Brazil and Argentina created a mechanism to stimulate trade flow. Brazilian exports to the neighboring country, mainly food and car parts, will be guaranteed for US$ 600 million, as announced on Monday night (29) by Economy Ministers Fernando Haddad and Sergio Massa, after a meeting that included with President Luiz Inácio Lula da Silva (PT) in Brasília.
Guarantees are necessary so that exporters know that they will receive the amount owed, as payments are always made in installments. When the Brazilian exporter sells to Argentina, he will be paid by Banco do Brasil, which will receive a guarantee from CAF (Development Bank of Latin America and the Caribbean).
The way to guarantee these payments has been the subject of many debates and new proposals in recent times, many of them seeking to prevent the commercial procedure from being entirely done in dollars, especially when it involves countries with difficulties in obtaining reserves in dollars, as is the case of Argentina, which is going through a serious economic crisis.
Haddad himself had announced, last week, the idea of structuring a smaller operation than the one announced now, something around US$ 140 million, which was based on guaranteeing Brazilian exports in yuan (Chinese currency). In this case, the exchange of yuans for reais would be done by Banco do Brasil in London.
However, what was announced yesterday is different. “It’s a path that everyone already knows”, says economist Giorgio Romano, professor at the Federal University of ABC and member of the Observatory for Foreign Policy and the International Insertion of Brazil (OPEB).
“The Argentines will buy Brazilian products in dollars, which is what Brazilian exporters want, with guarantees from Banco do Brasil and a counter guarantee from CAF,” he explained to Brasil de Fato.
The government creates alternatives, but companies are the ones doing the trading, they choose how they want to carry out the transactions. “And the vast majority of operators prefer the dollar”, says the economist, who sees this preference even more clearly among Argentines, who “do not trust the peso and want the dollar as security”.
Minister Haddad, assesses Romano, likes to think in an innovative way, but “then he needs to see where these ideas lead”. According to his evaluation, the proposal of commercial exchanges in yuan without a Chinese actor involved in any end of the transaction would be unprecedented in the world, but potentially risky in the sense of some exchange rate risk and lack of liquidity. “I don’t know what Banco do Brasil thought about it. But that idea is already off the table.”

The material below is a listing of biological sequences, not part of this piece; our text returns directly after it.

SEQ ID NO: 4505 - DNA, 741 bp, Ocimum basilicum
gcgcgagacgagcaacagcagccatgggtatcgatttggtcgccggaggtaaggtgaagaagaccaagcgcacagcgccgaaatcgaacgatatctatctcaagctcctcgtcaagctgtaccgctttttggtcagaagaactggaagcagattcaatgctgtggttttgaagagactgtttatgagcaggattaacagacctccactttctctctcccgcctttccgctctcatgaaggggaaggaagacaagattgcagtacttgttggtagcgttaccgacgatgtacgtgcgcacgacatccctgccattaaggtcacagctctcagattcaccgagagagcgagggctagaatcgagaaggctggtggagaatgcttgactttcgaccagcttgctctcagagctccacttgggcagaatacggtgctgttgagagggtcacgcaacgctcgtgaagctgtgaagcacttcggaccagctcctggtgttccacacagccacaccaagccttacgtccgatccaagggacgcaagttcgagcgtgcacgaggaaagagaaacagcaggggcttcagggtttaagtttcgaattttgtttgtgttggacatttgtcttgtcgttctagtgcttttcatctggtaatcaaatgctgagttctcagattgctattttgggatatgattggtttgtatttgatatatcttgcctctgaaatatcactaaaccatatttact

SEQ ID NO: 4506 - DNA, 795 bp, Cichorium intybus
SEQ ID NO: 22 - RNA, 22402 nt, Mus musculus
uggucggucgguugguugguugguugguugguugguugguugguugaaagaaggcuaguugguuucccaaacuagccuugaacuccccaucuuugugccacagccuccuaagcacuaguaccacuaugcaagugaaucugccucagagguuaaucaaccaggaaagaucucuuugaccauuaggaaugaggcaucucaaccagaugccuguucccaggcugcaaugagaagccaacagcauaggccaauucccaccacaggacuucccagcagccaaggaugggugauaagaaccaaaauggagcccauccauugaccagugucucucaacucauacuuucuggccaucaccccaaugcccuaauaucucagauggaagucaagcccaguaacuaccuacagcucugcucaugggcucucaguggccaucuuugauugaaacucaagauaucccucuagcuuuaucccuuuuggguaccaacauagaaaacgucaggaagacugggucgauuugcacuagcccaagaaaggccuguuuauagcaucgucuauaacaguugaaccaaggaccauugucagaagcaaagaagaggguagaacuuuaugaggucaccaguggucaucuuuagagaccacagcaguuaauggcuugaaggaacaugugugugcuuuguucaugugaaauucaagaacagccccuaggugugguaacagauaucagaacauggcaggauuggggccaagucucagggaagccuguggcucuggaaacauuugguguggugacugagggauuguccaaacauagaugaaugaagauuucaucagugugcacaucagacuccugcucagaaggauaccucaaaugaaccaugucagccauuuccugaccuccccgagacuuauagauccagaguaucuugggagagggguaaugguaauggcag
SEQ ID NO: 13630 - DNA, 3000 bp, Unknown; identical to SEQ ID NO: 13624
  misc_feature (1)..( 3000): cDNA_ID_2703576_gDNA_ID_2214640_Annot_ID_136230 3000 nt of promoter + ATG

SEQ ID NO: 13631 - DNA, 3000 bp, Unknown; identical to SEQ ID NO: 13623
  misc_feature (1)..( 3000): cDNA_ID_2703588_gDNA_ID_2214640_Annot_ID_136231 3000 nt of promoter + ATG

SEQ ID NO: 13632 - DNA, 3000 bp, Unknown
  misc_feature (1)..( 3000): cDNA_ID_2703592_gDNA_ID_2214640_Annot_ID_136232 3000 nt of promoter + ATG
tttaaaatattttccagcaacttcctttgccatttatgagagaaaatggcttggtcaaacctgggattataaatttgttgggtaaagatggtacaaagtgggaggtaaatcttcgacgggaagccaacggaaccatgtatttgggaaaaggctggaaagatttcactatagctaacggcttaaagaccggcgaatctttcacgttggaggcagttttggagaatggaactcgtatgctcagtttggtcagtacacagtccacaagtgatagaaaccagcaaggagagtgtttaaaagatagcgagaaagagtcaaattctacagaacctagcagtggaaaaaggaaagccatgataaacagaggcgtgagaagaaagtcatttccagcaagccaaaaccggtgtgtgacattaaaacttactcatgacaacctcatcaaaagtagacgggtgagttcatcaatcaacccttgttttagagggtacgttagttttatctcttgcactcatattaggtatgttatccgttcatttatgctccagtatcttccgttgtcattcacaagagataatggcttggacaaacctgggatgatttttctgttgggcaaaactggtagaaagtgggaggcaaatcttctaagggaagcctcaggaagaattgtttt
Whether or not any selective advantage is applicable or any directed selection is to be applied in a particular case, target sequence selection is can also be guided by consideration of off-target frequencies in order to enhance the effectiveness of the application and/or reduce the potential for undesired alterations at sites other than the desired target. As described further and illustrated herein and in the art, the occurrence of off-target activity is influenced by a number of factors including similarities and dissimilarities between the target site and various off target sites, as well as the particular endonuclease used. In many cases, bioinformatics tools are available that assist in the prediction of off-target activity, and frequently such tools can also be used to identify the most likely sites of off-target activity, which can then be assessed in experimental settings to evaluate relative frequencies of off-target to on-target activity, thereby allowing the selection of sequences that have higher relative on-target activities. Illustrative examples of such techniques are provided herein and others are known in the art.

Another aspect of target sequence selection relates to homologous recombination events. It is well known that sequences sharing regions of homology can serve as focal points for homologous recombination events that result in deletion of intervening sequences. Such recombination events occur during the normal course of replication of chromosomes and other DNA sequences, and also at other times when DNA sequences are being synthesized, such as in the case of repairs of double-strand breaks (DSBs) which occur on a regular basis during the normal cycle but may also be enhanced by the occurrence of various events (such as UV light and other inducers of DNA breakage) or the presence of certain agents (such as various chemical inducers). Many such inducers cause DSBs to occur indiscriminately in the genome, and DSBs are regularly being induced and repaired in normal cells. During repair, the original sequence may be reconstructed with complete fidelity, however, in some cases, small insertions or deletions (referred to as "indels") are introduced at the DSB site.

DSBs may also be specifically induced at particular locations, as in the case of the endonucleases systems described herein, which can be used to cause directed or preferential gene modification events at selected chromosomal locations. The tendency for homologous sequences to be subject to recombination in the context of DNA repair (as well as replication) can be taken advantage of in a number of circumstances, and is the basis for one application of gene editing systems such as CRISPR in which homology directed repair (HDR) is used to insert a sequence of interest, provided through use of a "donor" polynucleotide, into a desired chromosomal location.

Haddad himself, after the meeting with Massa, noted that the agreement announced on Monday tends to be more advantageous for the neighboring country than the previous proposal. “When Argentina has reserves in yuan to guarantee Brazilian exports, Argentina’s reserves officially decrease. (Now) Argentina, with the support of CAF, does not need to give up these reserves to guarantee exports”.
The agreement is also advantageous for Argentines from a commercial point of view, since the economies are integrated, explains Romano, and that is why it is interesting for Argentine businessmen to be able to buy the inputs they need in Brazil. “Brazil is very important for the Argentine market”.
To be ratified, the agreement still needs approval from CAF’s management board, which will meet on September 14th.
Reflections on the political dispute
Giorgio Romano also risks a political comment, saying that the agreement was a “goal” for Sergio Massa, who will be the government candidate in the October presidential elections. Last week, he managed to release another US$ 7.5 billion from the IMF (International Monetary Fund) and last Sunday, shortly before leaving for Brasilia, he announced a package of measures to improve the finances of millions of Argentine citizens. “He is positioning himself as the guy who does it”, says Romano.
Massa was third in the primary elections, behind candidates Javier Milei (far right) and Patricia Bullrich (right). Both accused the government candidate of populism for the measures announced on Sunday.
After the meeting with Lula and Haddad, Sergio Massa pointed out that the conversation also addressed the increase in river exchanges between the countries, interrupted during the administration of Jair Bolsonaro, and the renewal of the São Borja (Brazil) – Santo Tomé (Argentina) agreement.
In July, the Brazilian government renewed the concession contract for the international bridge that connects the two cities, guaranteeing the regularity of operations and customer service at this important commercial hub. “The agreement allows us to continue managing the logistical facility in the area that handles 60% of bilateral trade”, reinforced Massa.
Editing: Rodrigo Durão Coelho